Cheshire East Local Plan
Towns in Cheshire have been deluged with speculative planning applications since the coalition government introduced new rules to try and boost the economy by allowing housing on greenfield sites. Local authorities can reject housing applications if the sites are not in the Local Plan, but while Cheshire East Council didn’t yet a Local Plan, developers could build almost wherever they liked. Therefore the Labour Group welcomes the fact that a Local Plan was approved at Council. However, although the Council has approved the Local Plan it will now be subject to a 6 week consultation, then it will have to be considered by a government inspector, which will take between 6 and 17 months: so it could be 2015 before speculative housing applications can be banished from Cheshire East.
Having taken legal advice the Labour Group agreed that the best way to improve the chances of the Local Plan being approved by a government inspector was to allow a free vote for Labour councillors.
The Conservative Leader of the Council had to declare that he had prejudiced his position and could not take part in the debate or vote on the Local Plan. It is disgraceful that the Leader of the Council should have acted in a way that prevents him representing local residents on such a key matter. The Monitoring Officer of the Council stressed that the Leader of the Council took no part in the meeting and had no influence over the conduct of it.
An amendment put by Cllr Ken Edwards to strengthen communities was voted down by the Conservatives. The amendment was that 2 clauses be added to section 8 of the Health & Wellbeing section on p114 of the Local Plan (page 184 in the agenda pack)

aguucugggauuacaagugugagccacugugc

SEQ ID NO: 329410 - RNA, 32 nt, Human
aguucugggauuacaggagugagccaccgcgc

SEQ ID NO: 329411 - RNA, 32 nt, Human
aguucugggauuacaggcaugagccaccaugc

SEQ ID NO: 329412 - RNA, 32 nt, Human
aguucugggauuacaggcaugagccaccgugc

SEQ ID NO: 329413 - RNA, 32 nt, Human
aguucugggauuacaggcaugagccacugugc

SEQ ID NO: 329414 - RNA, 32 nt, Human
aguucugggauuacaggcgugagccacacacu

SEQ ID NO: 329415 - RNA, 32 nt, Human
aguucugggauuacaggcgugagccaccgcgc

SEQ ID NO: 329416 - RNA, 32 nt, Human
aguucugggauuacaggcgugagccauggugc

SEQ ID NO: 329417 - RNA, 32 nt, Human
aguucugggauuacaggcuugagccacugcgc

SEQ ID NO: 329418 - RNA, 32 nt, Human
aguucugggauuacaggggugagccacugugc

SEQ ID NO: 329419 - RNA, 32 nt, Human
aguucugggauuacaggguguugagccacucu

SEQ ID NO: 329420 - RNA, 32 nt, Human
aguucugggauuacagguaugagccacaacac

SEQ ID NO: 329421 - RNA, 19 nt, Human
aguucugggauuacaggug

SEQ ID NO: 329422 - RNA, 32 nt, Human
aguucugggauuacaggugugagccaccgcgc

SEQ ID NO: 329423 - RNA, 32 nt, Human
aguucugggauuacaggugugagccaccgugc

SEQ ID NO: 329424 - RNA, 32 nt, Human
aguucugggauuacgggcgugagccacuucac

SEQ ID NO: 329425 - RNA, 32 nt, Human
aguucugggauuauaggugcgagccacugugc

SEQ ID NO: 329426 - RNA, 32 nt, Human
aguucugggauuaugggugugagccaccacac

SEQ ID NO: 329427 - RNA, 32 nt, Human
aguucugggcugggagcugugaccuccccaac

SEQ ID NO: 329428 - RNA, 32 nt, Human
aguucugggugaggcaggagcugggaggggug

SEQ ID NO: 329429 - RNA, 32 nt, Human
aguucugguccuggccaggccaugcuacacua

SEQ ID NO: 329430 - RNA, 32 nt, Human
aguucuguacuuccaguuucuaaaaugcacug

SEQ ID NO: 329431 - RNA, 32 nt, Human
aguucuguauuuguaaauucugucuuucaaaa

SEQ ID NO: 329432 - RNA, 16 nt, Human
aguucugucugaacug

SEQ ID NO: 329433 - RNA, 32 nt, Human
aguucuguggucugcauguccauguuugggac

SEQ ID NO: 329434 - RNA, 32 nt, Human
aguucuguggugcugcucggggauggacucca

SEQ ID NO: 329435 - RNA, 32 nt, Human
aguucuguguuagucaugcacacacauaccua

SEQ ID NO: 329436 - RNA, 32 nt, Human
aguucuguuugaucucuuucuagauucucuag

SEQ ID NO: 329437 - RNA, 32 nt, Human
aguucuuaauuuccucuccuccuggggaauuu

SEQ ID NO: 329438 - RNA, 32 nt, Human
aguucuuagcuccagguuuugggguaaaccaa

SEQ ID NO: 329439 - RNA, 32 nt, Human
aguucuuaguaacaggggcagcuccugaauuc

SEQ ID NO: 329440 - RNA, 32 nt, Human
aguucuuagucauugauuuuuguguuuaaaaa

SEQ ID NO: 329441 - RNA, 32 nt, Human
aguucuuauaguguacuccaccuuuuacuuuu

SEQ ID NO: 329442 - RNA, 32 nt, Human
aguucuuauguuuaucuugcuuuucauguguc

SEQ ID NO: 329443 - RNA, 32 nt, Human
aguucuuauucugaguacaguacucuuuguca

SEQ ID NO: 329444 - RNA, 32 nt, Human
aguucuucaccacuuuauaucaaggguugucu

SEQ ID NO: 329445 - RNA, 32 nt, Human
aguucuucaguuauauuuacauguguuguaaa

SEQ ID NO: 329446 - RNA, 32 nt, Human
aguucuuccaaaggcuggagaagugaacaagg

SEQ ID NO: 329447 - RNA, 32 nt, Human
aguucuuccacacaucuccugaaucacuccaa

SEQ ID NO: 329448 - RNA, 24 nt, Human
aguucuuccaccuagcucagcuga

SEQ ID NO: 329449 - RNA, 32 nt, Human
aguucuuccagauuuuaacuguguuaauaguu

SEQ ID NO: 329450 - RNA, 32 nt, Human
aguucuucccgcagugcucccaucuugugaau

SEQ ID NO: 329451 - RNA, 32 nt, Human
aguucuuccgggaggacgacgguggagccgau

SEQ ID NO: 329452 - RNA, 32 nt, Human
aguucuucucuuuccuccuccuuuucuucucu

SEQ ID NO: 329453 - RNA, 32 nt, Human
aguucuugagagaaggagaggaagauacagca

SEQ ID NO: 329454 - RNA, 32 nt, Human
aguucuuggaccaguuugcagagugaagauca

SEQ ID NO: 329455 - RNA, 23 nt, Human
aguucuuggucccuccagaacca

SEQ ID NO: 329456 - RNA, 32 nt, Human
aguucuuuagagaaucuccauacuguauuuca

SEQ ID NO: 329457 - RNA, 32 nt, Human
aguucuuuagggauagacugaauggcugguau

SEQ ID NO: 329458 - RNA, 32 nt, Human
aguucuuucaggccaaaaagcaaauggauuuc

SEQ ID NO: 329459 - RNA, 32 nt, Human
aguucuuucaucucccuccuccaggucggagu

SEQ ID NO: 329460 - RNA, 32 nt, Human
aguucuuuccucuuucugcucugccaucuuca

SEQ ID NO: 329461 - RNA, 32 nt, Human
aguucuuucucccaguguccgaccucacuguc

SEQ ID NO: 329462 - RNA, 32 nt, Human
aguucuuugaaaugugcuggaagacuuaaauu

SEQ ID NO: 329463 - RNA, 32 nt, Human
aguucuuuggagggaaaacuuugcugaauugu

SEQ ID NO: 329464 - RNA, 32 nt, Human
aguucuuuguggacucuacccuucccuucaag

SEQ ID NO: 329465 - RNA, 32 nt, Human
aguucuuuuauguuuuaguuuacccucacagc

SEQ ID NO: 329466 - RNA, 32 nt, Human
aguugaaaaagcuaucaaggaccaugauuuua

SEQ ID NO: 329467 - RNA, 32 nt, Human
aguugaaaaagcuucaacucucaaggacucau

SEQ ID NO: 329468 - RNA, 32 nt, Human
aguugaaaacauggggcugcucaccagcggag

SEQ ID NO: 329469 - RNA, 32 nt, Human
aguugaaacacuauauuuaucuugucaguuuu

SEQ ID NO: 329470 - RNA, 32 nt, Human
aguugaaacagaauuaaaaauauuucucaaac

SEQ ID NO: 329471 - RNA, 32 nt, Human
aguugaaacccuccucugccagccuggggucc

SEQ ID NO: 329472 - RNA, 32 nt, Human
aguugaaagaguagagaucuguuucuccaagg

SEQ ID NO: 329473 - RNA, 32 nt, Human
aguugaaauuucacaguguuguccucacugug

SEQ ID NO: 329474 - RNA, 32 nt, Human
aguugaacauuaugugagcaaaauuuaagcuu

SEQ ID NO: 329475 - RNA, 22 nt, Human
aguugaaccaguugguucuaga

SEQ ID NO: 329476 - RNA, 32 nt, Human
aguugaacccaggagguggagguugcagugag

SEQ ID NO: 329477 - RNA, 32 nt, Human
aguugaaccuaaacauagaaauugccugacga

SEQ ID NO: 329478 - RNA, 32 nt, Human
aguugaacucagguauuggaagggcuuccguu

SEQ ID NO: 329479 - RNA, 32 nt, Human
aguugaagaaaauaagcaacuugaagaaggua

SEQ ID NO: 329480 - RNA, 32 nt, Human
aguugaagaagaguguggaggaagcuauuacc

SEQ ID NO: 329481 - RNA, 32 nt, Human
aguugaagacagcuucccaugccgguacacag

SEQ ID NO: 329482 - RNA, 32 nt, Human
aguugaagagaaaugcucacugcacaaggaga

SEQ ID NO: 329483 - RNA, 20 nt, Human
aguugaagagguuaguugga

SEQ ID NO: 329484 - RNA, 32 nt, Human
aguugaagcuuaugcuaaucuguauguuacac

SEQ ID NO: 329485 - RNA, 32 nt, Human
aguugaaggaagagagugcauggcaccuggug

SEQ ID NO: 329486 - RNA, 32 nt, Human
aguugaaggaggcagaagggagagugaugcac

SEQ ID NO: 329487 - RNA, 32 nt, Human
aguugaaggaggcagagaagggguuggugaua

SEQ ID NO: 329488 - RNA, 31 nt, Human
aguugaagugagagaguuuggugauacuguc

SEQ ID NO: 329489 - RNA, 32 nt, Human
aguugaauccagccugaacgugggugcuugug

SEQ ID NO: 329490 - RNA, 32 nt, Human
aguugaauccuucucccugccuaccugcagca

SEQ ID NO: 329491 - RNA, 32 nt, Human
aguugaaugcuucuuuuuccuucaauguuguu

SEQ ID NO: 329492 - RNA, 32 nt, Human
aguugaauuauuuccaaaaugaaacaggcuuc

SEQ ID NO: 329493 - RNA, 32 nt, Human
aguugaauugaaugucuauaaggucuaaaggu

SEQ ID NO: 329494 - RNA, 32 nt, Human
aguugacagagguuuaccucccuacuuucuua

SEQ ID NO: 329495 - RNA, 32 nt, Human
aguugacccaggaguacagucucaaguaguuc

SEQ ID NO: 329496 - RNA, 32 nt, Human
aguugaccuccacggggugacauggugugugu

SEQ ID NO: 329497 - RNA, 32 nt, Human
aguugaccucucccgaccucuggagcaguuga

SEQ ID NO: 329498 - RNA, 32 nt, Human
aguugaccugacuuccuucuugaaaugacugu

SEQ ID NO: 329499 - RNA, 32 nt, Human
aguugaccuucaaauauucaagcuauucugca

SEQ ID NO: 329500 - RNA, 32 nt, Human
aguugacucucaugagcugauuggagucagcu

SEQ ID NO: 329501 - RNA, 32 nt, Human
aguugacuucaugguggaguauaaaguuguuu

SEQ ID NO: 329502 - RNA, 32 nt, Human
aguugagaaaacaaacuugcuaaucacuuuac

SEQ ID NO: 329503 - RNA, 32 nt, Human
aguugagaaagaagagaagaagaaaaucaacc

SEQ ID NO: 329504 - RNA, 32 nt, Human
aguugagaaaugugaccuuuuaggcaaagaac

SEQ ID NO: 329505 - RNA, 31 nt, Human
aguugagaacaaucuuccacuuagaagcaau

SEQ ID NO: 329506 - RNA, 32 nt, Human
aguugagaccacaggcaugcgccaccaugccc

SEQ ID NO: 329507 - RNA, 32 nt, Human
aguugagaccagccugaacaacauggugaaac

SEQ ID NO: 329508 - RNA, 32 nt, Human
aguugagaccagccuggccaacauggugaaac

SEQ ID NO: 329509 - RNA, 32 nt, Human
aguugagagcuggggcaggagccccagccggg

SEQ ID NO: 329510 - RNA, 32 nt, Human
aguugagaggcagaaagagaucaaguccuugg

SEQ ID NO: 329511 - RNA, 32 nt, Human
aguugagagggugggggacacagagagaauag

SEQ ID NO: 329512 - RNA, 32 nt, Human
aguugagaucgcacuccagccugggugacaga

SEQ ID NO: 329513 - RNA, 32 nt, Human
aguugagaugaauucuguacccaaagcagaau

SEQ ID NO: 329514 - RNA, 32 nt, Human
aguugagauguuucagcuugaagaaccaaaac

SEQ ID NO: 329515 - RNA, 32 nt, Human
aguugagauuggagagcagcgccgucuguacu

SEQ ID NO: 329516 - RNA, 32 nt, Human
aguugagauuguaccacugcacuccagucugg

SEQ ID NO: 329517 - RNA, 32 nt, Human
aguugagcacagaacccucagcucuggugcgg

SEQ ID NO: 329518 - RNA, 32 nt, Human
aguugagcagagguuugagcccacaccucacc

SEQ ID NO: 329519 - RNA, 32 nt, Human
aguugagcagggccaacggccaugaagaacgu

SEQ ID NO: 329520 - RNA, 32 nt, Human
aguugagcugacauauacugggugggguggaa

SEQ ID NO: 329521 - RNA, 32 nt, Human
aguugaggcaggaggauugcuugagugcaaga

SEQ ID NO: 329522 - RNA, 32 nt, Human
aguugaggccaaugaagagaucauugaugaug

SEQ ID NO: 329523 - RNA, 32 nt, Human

Clause 8: strongly encouraging the maintenance of community spirit and identification by ensuring protection wherever possible of clear boundaries for towns and villages through maintenance of the green belt or by green gap policies
Clause 9: Strongly encourages the support for communities by ensuring wherever possible the provision of community infrastructure including community halls, general stores and health centres using CIL and s106 agreements to support localism and community identity
An amendment was proposed to remove the White Moss Quarry site in Alsager from the Local Plan. Cllr Sam Corcoran, Labour Councillor for Sandbach Heath & East, pointed out that, following a late adjustment, the proposals for the White Moss Quarry site now also included a site owned by the Council and therefore there was surely a conflict of interest. However, following legal advice from the Monitoring Officer, the Conservatives voted the amendment down.
An amendment seconded by Cllr Steve Carter aimed to protect a section of green belt land near Fence Avenue, Macclesfield. Even though the amendment would have made no difference to the number of houses allowed and would not have affected the wider Plan, it was still voted down by the Conservatives who seemed determined to vote down all amendments and push through the changes to allow house building on green belt land.
The Labour Group hopes that the Local Plan will be approved by a government inspector later this year.